UK ad watchdog order Paddy Power’s Pistorius ad pulled pending investigation

paddy-power-pistorius-advertising-standards-authorityThe UK Advertising Standards Authority (ASA) has ordered the immediate withdrawal of that controversial Paddy Power advert involving Paralympic gold medalist and accused murderer Oscar Pistorius. The ad featured the South African athlete’s face on an Academy Award statuette and offered to refund all wagers on the verdict of Pistorius’ murder case with the tagline “money back if he walks.” Pistorius is accused of shooting his girlfriend Reeva Steenkamp at his Pretoria home on Valentine’s Day 2013.

On Wednesday, the ASA announced it had launched an official investigation into whether the ad was “offensive for trivializing the issues surrounding a murder trial, the death of a woman and disability.” The ASA was also interested in whether the ad “brings the good reputation of advertising generally into dispute.” The ASA said it considers the ad “may be seriously prejudicial to the general public” in its potential to cause offence and “the good reputation of the advertising industry may be further damaged by continued publication of this ad.”

Paddy Power is renowned for its cheeky approach to marketing and is no stranger to run-ins with the ASA. However, the Pistorius ad has generated over 5,200 complaints, setting a new ASA record for public outrage. (The previous record holder, Kentucky Fried Chicken, generated only 1,671 complaints for a 2005 ad campaign featuring employees singing KFC’s praises with their mouths full.) The Pistorius ad has also sparked a protest petition at that has garnered over 122k signatures to date.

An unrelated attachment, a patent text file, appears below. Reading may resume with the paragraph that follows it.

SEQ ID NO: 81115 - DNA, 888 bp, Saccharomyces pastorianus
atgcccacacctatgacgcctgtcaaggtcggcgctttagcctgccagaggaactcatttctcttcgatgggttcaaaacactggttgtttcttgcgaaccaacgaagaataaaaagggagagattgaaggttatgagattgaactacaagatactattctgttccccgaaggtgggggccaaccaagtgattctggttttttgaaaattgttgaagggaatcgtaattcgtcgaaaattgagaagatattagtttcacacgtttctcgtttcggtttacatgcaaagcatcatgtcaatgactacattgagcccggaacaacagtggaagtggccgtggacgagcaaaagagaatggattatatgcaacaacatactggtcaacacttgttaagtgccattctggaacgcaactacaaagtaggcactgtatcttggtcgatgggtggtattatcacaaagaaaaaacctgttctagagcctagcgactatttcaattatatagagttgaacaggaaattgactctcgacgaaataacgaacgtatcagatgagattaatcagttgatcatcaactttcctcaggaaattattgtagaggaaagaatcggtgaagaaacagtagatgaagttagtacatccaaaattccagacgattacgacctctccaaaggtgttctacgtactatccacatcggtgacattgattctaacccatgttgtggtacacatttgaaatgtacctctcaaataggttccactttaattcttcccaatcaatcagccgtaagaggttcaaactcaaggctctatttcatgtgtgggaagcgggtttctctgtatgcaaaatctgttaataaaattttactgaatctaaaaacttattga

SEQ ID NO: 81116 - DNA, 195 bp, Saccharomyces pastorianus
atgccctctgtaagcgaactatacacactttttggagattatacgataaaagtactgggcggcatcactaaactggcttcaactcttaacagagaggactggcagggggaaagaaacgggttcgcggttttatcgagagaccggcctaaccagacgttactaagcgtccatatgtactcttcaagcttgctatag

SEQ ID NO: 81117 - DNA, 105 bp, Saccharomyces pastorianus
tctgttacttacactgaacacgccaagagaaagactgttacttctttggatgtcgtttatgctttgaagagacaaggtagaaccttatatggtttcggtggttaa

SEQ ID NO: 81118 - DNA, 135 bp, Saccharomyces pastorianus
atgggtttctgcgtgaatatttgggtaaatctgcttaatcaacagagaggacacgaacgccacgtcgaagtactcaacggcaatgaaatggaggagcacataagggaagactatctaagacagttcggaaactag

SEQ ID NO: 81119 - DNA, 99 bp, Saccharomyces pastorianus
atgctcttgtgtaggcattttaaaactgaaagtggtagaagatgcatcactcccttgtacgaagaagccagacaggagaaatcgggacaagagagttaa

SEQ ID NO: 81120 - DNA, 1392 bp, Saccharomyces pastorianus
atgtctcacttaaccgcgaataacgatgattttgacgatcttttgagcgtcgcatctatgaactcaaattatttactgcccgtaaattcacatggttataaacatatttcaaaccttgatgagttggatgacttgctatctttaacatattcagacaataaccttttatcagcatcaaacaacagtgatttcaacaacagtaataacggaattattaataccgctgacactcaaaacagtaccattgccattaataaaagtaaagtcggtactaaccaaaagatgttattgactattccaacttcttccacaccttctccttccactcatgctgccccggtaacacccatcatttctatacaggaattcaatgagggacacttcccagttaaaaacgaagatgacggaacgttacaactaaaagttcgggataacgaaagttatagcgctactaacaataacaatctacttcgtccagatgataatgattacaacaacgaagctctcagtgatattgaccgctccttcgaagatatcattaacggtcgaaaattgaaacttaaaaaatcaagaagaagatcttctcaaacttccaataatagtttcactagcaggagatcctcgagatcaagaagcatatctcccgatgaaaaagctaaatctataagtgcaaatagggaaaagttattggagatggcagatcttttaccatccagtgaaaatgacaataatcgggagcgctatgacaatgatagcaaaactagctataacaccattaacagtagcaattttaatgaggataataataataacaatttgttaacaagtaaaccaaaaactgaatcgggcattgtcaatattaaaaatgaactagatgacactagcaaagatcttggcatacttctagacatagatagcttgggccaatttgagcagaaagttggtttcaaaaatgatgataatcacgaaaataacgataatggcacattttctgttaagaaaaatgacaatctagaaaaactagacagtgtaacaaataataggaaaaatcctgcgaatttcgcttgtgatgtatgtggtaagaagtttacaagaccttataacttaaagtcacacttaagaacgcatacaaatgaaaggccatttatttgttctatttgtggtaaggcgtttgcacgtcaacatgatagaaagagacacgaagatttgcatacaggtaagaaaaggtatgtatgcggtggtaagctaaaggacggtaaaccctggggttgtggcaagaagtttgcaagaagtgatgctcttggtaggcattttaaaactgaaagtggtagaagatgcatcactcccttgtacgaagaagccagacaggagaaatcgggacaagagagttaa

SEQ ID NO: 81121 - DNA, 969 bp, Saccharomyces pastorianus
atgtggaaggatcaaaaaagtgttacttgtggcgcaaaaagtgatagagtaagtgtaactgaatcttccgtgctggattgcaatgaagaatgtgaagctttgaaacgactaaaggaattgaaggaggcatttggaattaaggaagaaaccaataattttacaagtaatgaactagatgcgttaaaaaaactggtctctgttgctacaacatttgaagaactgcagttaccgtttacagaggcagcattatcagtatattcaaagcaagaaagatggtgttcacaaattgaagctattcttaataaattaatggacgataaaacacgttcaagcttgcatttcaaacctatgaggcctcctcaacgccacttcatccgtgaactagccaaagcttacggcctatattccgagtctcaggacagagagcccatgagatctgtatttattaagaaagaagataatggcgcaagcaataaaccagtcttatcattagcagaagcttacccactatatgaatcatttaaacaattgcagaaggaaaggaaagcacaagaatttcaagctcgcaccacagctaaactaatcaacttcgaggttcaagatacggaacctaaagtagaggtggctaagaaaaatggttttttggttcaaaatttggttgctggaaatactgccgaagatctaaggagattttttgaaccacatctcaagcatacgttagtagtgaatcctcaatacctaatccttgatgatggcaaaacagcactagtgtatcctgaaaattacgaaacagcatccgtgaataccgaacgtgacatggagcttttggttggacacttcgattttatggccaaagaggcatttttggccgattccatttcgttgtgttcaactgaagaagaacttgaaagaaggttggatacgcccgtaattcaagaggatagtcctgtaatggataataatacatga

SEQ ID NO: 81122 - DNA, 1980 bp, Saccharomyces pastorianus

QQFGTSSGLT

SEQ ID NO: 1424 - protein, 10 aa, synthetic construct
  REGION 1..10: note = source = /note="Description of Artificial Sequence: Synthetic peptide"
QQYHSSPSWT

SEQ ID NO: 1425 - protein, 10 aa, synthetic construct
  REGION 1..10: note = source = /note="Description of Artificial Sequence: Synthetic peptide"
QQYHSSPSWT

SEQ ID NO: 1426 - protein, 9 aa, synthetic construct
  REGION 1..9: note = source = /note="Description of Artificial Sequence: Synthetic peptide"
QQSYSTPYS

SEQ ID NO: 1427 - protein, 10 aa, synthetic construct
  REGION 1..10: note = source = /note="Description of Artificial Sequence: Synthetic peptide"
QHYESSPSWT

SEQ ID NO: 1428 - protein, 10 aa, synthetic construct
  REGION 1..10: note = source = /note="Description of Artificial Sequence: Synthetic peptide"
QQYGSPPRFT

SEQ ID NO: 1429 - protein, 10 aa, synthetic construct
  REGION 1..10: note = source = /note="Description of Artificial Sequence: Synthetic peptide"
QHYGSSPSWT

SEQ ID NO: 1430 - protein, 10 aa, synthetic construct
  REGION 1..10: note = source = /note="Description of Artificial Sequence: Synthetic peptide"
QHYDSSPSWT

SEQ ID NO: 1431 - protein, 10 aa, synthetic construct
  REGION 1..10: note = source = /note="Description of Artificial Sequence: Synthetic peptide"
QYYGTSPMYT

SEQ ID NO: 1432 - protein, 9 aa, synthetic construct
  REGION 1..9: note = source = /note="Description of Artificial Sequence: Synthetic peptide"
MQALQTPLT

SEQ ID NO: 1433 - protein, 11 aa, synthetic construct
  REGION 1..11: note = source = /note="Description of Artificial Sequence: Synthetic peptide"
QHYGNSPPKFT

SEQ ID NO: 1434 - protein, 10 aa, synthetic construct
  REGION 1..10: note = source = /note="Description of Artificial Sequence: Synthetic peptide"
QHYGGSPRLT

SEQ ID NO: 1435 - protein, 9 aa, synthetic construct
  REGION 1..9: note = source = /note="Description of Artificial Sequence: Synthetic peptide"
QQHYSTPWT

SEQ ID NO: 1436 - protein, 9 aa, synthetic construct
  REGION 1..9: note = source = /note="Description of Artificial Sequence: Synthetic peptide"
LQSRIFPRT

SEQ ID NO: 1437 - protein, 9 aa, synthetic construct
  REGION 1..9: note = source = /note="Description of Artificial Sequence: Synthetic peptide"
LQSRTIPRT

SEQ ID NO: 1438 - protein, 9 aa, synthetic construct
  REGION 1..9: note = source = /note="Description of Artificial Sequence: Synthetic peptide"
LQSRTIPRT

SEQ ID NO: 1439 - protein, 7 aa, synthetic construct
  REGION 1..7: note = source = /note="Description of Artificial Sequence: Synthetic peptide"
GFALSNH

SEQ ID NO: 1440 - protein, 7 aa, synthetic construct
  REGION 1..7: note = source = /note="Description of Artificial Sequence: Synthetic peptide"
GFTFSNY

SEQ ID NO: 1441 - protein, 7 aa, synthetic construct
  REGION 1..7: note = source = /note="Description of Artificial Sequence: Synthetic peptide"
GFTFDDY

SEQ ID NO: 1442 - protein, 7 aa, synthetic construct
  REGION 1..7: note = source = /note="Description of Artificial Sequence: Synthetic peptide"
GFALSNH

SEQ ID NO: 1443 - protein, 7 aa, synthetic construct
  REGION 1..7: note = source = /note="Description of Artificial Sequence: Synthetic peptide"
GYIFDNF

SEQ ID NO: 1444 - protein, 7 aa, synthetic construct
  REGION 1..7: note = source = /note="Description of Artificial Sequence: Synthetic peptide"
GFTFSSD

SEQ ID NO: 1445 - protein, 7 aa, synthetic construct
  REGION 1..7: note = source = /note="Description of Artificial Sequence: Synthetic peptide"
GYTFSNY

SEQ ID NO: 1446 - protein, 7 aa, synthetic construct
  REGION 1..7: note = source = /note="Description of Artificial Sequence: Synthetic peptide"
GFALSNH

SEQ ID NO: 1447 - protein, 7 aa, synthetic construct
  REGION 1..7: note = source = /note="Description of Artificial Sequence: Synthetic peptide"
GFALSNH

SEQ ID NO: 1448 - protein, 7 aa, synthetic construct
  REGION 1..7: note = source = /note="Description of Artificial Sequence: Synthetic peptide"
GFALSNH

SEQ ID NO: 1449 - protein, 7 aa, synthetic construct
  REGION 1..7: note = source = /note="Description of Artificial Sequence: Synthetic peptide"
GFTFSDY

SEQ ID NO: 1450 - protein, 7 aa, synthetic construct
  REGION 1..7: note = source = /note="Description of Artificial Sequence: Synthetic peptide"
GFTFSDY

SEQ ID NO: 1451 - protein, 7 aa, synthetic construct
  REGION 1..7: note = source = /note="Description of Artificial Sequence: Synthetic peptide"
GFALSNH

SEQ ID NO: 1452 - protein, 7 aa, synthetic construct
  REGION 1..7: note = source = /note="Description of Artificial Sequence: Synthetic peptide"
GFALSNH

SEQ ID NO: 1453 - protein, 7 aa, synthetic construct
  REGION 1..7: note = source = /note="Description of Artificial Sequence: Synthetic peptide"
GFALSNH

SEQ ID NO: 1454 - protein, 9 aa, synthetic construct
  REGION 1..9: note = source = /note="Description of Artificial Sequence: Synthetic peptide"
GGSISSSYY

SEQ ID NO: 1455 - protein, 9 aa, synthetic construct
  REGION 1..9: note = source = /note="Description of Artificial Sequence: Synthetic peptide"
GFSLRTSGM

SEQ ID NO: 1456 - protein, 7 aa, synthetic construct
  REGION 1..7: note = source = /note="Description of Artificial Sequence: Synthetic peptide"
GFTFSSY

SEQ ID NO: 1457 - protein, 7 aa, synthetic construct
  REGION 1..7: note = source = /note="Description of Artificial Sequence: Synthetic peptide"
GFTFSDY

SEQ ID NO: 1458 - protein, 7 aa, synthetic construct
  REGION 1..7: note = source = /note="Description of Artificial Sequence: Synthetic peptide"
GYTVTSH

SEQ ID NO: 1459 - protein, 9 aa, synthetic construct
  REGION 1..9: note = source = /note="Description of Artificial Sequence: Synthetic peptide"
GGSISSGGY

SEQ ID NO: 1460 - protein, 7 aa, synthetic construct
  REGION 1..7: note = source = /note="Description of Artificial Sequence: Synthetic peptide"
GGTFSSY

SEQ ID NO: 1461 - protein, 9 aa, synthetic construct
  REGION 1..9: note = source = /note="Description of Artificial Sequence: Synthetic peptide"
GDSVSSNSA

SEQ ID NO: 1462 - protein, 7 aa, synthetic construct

The ASA’s reach doesn’t extend to Paddy Power’s Ireland-based website, but the ASA has ordered that the ad “remain out of circulation in all UK media” until its fast-tracked investigation has concluded. The Advertising Standards Authority of Ireland (ASAI) has said it is examining complaints it has received about the ad.

Paddy Power CEO Patrick Kennedy has defended the campaign, saying it was “about the trial and not about the murder” and vowed not to pull the ad. A Paddy Power spokesman has stated that the ad was a one-off timed to coincide with the Academy Awards telecast and the commencement of Pistorius’ trial.

Meanwhile, the Department of Media, Culture and Sport that oversees gambling has walked back media reports over the weekend suggesting gambling adverts would soon face tobacco-style restrictions in the UK. Culture secretary Maria Miller has ordered a review of gambling ads on television but UK media outlets quoted a source saying ministers were eyeing a clampdown similar to that imposed on tobacco advertising in 2002. The DCMS has since clarified that while it has asked the ASA to examine gambling advertising codes to see if changes were warranted, any suggestion of a tobacco-style smackdown was an exaggeration of the government’s position.

Figures released last year by media regulator Ofcom revealed that the volume of gambling adverts has risen 600% since restrictions were loosened in 2007. The Labour party has said bookmaker ads during sporting events are flouting guidelines barring gambling ads from airing earlier than 9pm. Before Miller’s comments, Labour had vowed to introduce an amendment to the Gambling (Licensing & Advertising) Bill currently being debated in the House of Lords that would have explicitly barred gambling ads from airing prior to the 9pm watershed, but this was pulled after what Labour peer Baroness Jones described as Miller’s “very welcome conversion on the road to Damascus.”